As I move into more intensive and detailed projects, I increasing need to fabricate custom parts. Normally, I get by with a 3D printer. It has allowed me to make objects far more complex than I can reliably make by hand. That being said, I’m beginning to run up against the limitations of plastic and FDM printing. Even with wondermaterials like PET and HIPS, there’s no easy way to build parts for more extreme applications – high wear or high temperature, for example. If a part is going to going to see temperatures in excess of 300C, few plastics are going to hold up, necessitating the use of other materials.
Thus, I’ve been trawling Craigslist for a few months looking for a mill. While I would have preferred a Bridgeport, there’s fairly few in Colorado to choose from, and I simply do not have the space. For this reason, small mills tend to hold their value quite well, insofar as there’s simply a larger market for them than a 8000lb VMC or 2500lb Bridgeport.
That being said, I still want a mill beefy enough to chew through steel and heavy enough so I can take more than a 100 thou cut in aluminum without destroying the machine. A desktop hobby mill, Sherline or X-Carve just wasn’t going to work for the work I envisioned.
Finally, I found a JET mill/drill from 1979 for sale on Craigslist for $800, negotiated down $100, and took it home. The machine was cast in Taiwan, and had seen remarkably little use. It’s marked “JET 16”, and has a 12 speed belt drive and Morse Taper 3 (MT3) spindle. While not as popular as the R8 taper for most Bridgeport and newer import machines, it’s still easy enough to find tooling for.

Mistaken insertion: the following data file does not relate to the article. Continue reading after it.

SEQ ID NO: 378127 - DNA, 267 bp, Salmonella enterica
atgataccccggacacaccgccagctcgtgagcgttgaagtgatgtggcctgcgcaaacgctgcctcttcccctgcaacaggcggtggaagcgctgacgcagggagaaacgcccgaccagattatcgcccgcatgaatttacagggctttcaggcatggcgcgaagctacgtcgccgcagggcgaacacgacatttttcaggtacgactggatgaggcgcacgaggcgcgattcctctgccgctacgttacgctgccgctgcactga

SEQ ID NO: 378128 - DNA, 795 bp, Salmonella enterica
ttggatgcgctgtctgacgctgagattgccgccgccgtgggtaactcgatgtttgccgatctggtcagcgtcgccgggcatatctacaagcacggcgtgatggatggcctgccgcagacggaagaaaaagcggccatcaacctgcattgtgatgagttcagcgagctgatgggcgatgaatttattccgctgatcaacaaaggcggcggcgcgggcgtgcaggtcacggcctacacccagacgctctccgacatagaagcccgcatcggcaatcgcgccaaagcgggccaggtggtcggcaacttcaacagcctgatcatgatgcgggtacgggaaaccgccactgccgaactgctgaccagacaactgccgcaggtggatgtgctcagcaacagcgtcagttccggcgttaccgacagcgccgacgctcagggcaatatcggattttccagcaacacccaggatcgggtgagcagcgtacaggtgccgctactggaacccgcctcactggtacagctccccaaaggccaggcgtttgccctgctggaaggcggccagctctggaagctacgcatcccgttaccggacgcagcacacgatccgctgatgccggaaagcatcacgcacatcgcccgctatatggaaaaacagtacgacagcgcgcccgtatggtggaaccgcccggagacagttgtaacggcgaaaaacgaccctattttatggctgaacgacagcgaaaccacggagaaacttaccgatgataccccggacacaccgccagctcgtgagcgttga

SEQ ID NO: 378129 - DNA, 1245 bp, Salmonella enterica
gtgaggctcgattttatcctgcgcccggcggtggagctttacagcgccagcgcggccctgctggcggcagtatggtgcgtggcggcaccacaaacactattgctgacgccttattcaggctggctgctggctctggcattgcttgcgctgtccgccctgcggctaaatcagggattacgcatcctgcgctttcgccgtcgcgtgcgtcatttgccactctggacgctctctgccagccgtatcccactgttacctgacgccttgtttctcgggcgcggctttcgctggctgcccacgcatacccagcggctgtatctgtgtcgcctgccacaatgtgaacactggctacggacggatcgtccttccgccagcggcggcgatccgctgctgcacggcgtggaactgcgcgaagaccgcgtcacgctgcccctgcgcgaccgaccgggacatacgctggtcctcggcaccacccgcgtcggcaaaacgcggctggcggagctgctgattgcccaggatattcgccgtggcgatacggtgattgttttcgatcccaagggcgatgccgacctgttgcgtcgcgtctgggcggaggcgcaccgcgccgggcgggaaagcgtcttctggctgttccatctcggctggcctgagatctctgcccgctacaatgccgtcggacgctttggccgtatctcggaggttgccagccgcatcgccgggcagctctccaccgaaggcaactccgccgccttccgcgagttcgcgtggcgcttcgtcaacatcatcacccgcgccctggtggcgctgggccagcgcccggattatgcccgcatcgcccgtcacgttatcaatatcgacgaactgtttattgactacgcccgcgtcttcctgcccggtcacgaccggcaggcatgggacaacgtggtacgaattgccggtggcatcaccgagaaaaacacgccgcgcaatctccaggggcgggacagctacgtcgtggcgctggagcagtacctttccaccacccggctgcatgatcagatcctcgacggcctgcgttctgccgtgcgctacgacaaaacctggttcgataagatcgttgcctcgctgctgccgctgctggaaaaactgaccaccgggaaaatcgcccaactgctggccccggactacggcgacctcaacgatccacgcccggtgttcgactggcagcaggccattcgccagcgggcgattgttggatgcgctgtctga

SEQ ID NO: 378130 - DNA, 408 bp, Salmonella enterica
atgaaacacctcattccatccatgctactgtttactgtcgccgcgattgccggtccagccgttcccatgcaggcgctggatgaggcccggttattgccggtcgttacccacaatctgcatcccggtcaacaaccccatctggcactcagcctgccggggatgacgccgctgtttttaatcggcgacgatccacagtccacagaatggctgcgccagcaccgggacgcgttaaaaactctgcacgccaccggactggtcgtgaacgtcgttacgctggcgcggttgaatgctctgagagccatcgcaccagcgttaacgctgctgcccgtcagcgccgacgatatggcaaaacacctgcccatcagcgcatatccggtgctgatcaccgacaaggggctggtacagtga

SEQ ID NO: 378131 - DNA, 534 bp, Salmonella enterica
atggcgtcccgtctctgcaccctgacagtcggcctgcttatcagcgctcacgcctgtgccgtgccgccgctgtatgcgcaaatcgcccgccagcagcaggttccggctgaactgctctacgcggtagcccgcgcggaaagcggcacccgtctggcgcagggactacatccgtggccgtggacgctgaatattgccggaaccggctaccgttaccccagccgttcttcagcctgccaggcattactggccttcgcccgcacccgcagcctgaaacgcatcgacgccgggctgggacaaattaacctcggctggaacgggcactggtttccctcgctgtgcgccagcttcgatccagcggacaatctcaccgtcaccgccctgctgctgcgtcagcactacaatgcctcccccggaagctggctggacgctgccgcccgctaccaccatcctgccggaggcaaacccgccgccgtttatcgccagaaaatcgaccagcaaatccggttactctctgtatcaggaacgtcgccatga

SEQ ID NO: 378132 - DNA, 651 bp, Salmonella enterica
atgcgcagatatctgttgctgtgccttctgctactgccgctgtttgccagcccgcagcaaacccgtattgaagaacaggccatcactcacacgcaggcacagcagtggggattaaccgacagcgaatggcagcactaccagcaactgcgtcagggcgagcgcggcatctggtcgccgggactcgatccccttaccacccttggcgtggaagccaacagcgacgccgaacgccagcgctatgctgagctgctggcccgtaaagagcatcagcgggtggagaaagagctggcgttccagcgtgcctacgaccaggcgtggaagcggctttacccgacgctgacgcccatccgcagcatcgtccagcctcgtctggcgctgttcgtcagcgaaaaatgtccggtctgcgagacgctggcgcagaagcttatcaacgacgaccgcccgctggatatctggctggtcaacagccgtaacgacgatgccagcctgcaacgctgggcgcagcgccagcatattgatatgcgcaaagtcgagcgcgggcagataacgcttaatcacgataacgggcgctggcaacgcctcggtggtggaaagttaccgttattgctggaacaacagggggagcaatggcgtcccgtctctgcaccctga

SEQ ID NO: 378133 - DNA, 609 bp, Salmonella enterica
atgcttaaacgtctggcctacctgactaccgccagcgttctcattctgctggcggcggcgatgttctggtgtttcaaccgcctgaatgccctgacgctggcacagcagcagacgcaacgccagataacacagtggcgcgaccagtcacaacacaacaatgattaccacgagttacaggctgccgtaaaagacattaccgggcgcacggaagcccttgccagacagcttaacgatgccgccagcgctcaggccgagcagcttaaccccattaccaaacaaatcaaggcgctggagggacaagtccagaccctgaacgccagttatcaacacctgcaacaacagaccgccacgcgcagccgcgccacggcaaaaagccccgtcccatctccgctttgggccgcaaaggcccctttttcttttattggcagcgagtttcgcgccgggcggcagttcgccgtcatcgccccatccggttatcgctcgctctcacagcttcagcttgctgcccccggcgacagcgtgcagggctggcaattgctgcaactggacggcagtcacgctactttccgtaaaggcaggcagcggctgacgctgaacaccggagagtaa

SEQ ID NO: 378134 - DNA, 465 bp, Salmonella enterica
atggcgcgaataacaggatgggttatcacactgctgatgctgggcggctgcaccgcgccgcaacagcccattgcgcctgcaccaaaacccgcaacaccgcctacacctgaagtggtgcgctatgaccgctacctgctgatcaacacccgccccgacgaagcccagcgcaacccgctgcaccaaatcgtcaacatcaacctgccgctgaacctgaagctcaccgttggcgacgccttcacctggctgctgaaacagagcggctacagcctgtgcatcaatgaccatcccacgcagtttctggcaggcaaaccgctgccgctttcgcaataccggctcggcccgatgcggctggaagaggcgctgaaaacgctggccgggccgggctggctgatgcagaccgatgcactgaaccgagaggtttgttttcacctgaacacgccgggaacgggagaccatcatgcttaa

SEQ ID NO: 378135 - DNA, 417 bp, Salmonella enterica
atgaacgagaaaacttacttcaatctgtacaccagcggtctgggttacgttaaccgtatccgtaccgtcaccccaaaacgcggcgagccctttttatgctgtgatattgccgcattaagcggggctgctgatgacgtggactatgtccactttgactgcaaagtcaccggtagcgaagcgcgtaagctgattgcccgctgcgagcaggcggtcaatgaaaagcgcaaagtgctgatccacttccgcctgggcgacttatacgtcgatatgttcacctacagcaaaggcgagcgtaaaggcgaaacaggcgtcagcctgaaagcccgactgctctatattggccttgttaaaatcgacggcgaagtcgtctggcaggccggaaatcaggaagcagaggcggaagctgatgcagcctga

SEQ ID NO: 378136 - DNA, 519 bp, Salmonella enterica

One of the most important factors for a machine tool is rigidity and dampening ability. Rigidity is obvious – good luck making straight parts when the machine is flexible and easily pushed around by the workpiece. On the other hand, dampening is a bit less obvious. People frequently use mass as a proxy for dampening ability, but this is only valid when talking about similar setups and identical materials.Here are the relative dampening abilities of cast iron, steel, and aluminum. For example, cast iron, even conservatively , is 2 orders of magnitude better than aluminum at absorbing vibrations. For machine tools, there is no simply substitute.
That being said, the JET is cast iron through and through. The gibs are, as far as I can tell, cast iron. The table base and column are all cast as well. Despite the mill’s superficial cleanliness, the ways were dirty with a mixture of old oil and old, never cleaned packing grease. I cleaned it all up with a bit of Brakekleen and relubricated the ways with Vactra #2 way oil. I also packed the leadscrews with lithium grease, as well as the thrust bearings.
Overall, I’m excited to use the mill in upcoming projects. It has immensely increased my ability to fabricate difficult pieces, as well as my ability to take on longer, more involved projects.